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Sunday, May 19
The Indiana Daily Student

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COLUMN: Rivalry means more for Yogi Ferrell and Raphael Davis

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Purdue senior guard Rapheal Davis spoke to the media Thursday about playing an in-state rival from the south — IU.

With his scraggly beard and black-rimmed glasses, Davis went on about the same old things one always hears from players about the rivalry. The game is bigger than us. It’s about our legacy. All of that stuff.

Then he was asked about what makes IU’s senior guard Yogi Ferrell a tough matchup.

The two are both seniors. They’ve faced off five times. He wasn’t going to prop Ferrell up.

“I can’t give him the satisfaction of answering that,” Davis said.

The comment was all in good fun — the two are friends. They’ve worked out together in the off-season, and both come from Indiana.

But Saturday the two will meet in Assembly Hall for what may be their last meeting as players of IU and 
Purdue.

Ferrell won the first two meetings as a freshman with Cody Zeller, Victor Oladipo and Christian Watford at his side. Since then, Purdue has won three straight. Last season, IU lost both in an old-fashioned physical beat down and a gritty last-second contest.

Ferrell didn’t sugarcoat either loss. After the 16-point loss in West Lafayette, Indiana, on Jan. 28, 2015, he wasn’t afraid to honestly address the differences between the two teams that night.

“We’ve just got to stop being so soft,” he said. “We think it’s gonna be easier than it is. Especially guys who haven’t been here and played in the Big Ten, they think it’s easier than 
it is.”

Three weeks later, the game was neck and neck before Ferrell rushed a self-proclaimed bad shot with six seconds left that resulted in a 4-point loss. He didn’t deny the truth of that one either.

“At the end of the day, our fight didn’t match theirs,” he said.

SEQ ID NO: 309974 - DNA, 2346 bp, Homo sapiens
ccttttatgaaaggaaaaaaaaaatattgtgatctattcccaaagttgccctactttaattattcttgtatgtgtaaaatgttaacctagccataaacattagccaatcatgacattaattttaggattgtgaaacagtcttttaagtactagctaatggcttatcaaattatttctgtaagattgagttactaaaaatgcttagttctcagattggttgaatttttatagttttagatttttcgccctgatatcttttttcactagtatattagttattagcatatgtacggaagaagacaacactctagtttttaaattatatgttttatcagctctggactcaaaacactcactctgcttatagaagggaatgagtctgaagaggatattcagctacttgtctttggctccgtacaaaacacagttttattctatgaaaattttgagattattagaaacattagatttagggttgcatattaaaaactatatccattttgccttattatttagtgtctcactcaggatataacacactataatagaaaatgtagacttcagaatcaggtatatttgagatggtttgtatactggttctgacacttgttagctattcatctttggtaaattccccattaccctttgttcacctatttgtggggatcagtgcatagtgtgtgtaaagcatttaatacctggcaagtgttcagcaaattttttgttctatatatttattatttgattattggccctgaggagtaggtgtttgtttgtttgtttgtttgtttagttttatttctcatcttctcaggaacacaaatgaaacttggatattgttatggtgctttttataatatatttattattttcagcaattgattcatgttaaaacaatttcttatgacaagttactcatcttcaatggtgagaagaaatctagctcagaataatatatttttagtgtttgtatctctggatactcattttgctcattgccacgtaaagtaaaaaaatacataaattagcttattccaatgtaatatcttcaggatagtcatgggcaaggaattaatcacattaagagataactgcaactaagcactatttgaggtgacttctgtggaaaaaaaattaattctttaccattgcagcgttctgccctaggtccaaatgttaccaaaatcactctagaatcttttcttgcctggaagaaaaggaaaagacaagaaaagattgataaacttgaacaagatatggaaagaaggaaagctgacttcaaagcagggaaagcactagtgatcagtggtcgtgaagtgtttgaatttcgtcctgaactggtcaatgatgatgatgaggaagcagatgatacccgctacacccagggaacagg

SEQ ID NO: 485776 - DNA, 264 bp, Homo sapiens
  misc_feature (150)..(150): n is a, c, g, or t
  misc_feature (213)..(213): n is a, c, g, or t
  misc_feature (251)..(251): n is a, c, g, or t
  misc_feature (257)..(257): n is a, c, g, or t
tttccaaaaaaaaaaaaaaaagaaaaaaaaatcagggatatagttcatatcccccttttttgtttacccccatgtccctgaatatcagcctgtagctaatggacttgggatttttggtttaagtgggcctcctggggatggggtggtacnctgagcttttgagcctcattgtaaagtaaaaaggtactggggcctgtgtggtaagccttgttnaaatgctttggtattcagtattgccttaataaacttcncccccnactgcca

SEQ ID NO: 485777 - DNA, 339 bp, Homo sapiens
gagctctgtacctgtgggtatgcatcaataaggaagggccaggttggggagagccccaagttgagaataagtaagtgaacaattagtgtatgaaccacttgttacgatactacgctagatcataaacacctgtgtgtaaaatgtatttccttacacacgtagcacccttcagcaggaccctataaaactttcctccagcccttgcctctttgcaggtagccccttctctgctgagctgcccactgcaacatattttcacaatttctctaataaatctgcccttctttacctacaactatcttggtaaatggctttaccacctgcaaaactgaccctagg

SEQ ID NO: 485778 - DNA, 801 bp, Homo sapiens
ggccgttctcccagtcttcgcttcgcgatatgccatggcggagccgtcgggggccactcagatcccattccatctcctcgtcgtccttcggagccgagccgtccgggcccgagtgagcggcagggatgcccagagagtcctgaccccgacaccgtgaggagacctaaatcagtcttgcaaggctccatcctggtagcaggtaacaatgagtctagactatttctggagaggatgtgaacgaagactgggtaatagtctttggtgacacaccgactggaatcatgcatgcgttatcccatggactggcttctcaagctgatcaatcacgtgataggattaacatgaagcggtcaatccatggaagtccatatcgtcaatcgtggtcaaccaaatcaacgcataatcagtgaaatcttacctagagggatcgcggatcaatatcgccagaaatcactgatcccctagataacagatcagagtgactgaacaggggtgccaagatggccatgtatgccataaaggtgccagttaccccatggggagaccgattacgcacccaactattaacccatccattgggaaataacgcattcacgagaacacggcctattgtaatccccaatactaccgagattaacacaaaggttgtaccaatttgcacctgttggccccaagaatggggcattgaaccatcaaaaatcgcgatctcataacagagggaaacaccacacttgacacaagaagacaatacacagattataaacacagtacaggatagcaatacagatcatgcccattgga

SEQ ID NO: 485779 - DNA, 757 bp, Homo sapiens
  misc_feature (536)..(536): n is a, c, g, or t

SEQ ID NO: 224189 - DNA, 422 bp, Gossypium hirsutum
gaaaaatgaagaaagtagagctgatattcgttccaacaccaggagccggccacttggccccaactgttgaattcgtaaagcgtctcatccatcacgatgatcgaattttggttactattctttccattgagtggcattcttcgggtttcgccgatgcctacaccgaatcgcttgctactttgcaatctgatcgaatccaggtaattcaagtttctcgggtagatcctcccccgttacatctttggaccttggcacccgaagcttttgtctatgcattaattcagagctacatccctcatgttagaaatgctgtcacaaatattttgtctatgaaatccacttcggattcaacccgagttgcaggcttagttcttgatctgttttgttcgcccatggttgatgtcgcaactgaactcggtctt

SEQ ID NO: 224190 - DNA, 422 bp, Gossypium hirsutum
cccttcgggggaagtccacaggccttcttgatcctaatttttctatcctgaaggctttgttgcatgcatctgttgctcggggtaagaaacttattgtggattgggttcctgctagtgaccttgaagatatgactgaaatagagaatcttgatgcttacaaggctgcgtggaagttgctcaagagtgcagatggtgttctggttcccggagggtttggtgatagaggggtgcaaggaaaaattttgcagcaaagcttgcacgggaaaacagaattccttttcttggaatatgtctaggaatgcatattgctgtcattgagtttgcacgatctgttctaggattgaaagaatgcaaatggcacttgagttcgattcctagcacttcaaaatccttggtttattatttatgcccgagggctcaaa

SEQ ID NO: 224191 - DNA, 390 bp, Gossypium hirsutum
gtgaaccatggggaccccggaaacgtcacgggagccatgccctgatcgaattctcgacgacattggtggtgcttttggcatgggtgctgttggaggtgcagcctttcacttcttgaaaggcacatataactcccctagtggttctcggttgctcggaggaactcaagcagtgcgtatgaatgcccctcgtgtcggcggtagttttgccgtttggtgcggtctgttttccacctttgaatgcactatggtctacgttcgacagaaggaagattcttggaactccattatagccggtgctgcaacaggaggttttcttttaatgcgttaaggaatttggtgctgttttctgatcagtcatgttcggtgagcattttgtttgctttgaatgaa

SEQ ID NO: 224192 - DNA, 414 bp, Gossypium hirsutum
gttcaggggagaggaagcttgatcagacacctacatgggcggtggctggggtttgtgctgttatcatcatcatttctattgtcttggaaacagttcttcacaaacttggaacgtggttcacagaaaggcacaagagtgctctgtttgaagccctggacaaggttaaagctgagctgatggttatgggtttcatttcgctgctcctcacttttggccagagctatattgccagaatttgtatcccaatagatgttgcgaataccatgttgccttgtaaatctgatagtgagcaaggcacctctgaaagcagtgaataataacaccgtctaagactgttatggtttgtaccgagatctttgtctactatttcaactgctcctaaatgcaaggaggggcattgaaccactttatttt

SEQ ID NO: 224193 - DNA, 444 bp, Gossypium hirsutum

Losses in this rivalry sting a little extra. Sure, it’s a different era. Many of these guys come from Indiana or Illinois and have been playing high school or AAU ball together since they were young. Many of them are friends and get along.

Yet the same things that make them friendly also make the competition fiercer. It’s easier to lose to a stranger than the guy who is going to hold bragging rights over you all off-season.

It’s the same thing for the coaches.

At Big Ten Media Day in the fall, Purdue Coach Matt Painter said he and IU Coach Tom Crean have a good relationship. They get along.

But they aren’t going to be buddy-buddy.

“That’s the way it is,” Painter said. “That’s the way it’s supposed to be, right?”

So Saturday, when the up-tempo offensive Hoosiers and the large and physical Boilermakers meet for the 204th time, there is plenty on the line.

Yeah, there is history. But there is also the current stakes. It’s the No. 17, Purdue, and No. 22 teams in the nation fighting for their places in the Big Ten standings. These are two teams thinking about larger goals this season than just a rivalry.

But as coaches always like to say, this game is more than just about the players. It’s about their legacies. All of that stuff.

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